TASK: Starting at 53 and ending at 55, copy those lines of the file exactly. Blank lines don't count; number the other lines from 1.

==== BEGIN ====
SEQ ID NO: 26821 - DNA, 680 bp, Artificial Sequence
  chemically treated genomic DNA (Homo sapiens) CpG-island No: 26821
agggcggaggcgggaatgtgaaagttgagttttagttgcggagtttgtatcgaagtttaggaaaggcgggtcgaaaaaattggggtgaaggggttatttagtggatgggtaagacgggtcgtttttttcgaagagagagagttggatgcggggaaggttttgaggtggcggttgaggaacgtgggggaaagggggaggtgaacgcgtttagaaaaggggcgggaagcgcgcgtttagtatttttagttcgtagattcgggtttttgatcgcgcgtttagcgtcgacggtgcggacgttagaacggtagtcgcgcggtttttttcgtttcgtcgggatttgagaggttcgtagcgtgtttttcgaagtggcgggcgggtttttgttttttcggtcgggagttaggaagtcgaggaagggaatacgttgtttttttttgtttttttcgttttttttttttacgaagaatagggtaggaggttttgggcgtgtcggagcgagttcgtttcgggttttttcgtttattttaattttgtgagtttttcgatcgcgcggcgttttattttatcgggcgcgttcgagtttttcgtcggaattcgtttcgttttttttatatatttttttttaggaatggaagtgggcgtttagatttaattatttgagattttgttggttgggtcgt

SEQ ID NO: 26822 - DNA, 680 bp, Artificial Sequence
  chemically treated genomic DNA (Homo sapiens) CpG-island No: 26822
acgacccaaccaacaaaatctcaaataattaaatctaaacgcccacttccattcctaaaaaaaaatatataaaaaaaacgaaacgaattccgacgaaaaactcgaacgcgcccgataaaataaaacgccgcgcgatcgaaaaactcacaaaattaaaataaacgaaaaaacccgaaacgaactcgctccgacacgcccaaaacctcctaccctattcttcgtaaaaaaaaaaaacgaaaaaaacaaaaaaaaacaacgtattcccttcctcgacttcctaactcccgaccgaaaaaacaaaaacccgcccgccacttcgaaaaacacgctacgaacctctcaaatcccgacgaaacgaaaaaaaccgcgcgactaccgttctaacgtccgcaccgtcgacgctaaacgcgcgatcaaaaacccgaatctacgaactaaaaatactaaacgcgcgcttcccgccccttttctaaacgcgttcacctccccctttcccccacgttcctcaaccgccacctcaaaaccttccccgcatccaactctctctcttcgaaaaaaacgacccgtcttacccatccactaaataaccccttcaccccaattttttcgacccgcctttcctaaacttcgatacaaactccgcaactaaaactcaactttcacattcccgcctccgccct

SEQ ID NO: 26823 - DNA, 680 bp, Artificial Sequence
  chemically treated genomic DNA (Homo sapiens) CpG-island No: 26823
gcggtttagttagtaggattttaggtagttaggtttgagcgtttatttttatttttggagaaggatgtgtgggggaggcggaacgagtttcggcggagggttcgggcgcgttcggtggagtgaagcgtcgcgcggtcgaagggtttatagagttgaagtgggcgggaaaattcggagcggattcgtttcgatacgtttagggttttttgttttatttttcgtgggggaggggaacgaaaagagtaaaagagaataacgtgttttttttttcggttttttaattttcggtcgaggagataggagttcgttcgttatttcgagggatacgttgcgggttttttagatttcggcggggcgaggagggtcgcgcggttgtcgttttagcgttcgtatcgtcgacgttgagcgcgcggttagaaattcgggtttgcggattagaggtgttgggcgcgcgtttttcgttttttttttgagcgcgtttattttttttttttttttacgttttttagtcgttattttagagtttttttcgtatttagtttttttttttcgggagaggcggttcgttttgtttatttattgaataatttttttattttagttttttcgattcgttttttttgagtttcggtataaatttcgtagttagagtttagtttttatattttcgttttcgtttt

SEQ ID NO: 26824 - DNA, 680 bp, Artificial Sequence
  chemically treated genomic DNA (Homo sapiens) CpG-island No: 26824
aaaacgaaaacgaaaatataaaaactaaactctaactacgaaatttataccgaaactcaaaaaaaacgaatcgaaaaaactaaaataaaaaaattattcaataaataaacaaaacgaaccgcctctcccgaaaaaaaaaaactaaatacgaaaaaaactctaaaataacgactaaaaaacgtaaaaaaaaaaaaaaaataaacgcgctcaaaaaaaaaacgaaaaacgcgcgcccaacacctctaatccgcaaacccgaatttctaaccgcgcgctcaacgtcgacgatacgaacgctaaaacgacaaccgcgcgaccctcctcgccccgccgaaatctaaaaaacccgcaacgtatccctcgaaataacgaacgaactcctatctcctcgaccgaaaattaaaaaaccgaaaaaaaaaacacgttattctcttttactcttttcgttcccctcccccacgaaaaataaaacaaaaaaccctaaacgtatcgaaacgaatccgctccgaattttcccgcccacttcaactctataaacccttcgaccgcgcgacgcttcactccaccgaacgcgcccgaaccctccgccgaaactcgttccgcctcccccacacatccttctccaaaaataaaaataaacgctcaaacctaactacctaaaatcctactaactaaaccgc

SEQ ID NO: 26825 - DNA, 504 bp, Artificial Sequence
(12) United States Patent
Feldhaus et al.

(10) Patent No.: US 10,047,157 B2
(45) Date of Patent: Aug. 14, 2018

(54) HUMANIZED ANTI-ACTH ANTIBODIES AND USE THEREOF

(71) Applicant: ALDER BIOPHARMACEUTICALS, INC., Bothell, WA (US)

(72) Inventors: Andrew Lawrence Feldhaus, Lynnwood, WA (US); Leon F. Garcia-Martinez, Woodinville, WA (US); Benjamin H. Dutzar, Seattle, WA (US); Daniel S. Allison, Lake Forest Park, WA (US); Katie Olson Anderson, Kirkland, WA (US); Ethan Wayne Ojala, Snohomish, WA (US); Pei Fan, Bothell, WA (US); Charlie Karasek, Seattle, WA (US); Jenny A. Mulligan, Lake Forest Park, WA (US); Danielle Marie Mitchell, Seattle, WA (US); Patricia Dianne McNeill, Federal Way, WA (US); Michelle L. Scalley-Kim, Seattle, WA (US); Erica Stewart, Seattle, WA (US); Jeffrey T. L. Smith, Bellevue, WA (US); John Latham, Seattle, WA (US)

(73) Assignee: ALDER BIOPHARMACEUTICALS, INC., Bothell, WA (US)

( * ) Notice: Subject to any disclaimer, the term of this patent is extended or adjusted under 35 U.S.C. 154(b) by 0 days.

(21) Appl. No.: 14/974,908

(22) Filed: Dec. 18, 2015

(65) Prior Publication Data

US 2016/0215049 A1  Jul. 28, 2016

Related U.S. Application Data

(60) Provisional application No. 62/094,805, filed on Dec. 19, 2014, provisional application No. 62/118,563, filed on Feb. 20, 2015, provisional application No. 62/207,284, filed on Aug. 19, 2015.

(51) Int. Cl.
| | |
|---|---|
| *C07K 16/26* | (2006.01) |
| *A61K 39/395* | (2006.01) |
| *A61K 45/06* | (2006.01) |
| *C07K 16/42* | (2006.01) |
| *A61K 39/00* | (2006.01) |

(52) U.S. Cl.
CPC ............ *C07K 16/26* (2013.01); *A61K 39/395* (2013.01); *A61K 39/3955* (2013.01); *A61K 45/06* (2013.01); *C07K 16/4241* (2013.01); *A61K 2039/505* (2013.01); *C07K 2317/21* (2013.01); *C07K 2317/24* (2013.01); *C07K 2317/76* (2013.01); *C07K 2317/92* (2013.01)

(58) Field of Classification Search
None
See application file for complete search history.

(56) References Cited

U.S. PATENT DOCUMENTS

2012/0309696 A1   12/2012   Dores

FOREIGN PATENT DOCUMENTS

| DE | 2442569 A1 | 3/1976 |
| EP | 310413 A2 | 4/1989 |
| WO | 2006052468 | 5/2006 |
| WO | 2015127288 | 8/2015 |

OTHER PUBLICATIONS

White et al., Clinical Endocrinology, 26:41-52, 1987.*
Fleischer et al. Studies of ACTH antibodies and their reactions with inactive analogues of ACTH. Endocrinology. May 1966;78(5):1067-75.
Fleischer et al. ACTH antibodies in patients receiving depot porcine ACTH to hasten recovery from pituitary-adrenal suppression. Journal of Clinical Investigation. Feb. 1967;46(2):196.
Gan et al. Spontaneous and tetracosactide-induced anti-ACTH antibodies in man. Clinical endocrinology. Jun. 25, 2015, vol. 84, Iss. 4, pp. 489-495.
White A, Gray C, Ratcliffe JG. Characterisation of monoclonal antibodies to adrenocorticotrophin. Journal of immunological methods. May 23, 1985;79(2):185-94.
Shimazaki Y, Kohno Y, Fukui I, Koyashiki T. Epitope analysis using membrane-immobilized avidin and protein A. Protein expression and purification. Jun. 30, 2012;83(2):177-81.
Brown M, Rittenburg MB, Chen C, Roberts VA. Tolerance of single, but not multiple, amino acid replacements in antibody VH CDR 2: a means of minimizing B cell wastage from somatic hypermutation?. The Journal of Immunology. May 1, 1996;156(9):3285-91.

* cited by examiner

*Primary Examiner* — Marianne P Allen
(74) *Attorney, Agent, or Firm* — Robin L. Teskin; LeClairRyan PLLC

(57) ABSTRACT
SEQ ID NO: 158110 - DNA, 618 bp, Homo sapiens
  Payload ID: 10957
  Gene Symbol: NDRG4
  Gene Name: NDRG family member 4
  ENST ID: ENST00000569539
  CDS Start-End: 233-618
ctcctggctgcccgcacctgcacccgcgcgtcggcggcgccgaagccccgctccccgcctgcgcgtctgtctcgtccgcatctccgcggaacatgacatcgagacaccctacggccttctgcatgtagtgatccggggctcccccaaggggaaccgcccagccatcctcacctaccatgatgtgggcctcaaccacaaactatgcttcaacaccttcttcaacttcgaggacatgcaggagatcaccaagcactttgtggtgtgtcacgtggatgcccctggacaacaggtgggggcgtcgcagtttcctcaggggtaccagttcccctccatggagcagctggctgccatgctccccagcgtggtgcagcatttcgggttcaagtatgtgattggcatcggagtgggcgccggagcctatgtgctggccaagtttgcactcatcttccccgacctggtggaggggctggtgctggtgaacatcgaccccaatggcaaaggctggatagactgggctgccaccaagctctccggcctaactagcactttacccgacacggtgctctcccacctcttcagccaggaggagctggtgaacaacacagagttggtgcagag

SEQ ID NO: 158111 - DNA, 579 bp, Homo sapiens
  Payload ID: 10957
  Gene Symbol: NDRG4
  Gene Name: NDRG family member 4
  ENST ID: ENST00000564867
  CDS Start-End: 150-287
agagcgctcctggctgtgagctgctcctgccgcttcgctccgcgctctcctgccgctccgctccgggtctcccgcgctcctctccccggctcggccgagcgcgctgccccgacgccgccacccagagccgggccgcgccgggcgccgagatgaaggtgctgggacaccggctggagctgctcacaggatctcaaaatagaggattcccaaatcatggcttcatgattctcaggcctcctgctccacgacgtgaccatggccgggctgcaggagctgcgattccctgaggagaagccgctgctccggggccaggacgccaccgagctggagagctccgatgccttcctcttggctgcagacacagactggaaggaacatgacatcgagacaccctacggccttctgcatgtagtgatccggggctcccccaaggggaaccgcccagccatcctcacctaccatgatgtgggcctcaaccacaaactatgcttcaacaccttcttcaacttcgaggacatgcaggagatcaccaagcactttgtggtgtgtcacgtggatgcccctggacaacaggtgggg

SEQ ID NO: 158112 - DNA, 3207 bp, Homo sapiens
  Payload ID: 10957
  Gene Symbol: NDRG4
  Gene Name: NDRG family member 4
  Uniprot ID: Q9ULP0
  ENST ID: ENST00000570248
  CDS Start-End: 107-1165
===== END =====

Fleischer et al. ACTH antibodies in patients receiving depot porcine ACTH to hasten recovery from pituitary-adrenal suppression. Journal of Clinical Investigation. Feb. 1967;46(2):196.
Gan et al. Spontaneous and tetracosactide-induced anti-ACTH antibodies in man. Clinical endocrinology. Jun. 25, 2015, vol. 84, Iss. 4, pp. 489-495.
White A, Gray C, Ratcliffe JG. Characterisation of monoclonal antibodies to adrenocorticotrophin. Journal of immunological methods. May 23, 1985;79(2):185-94.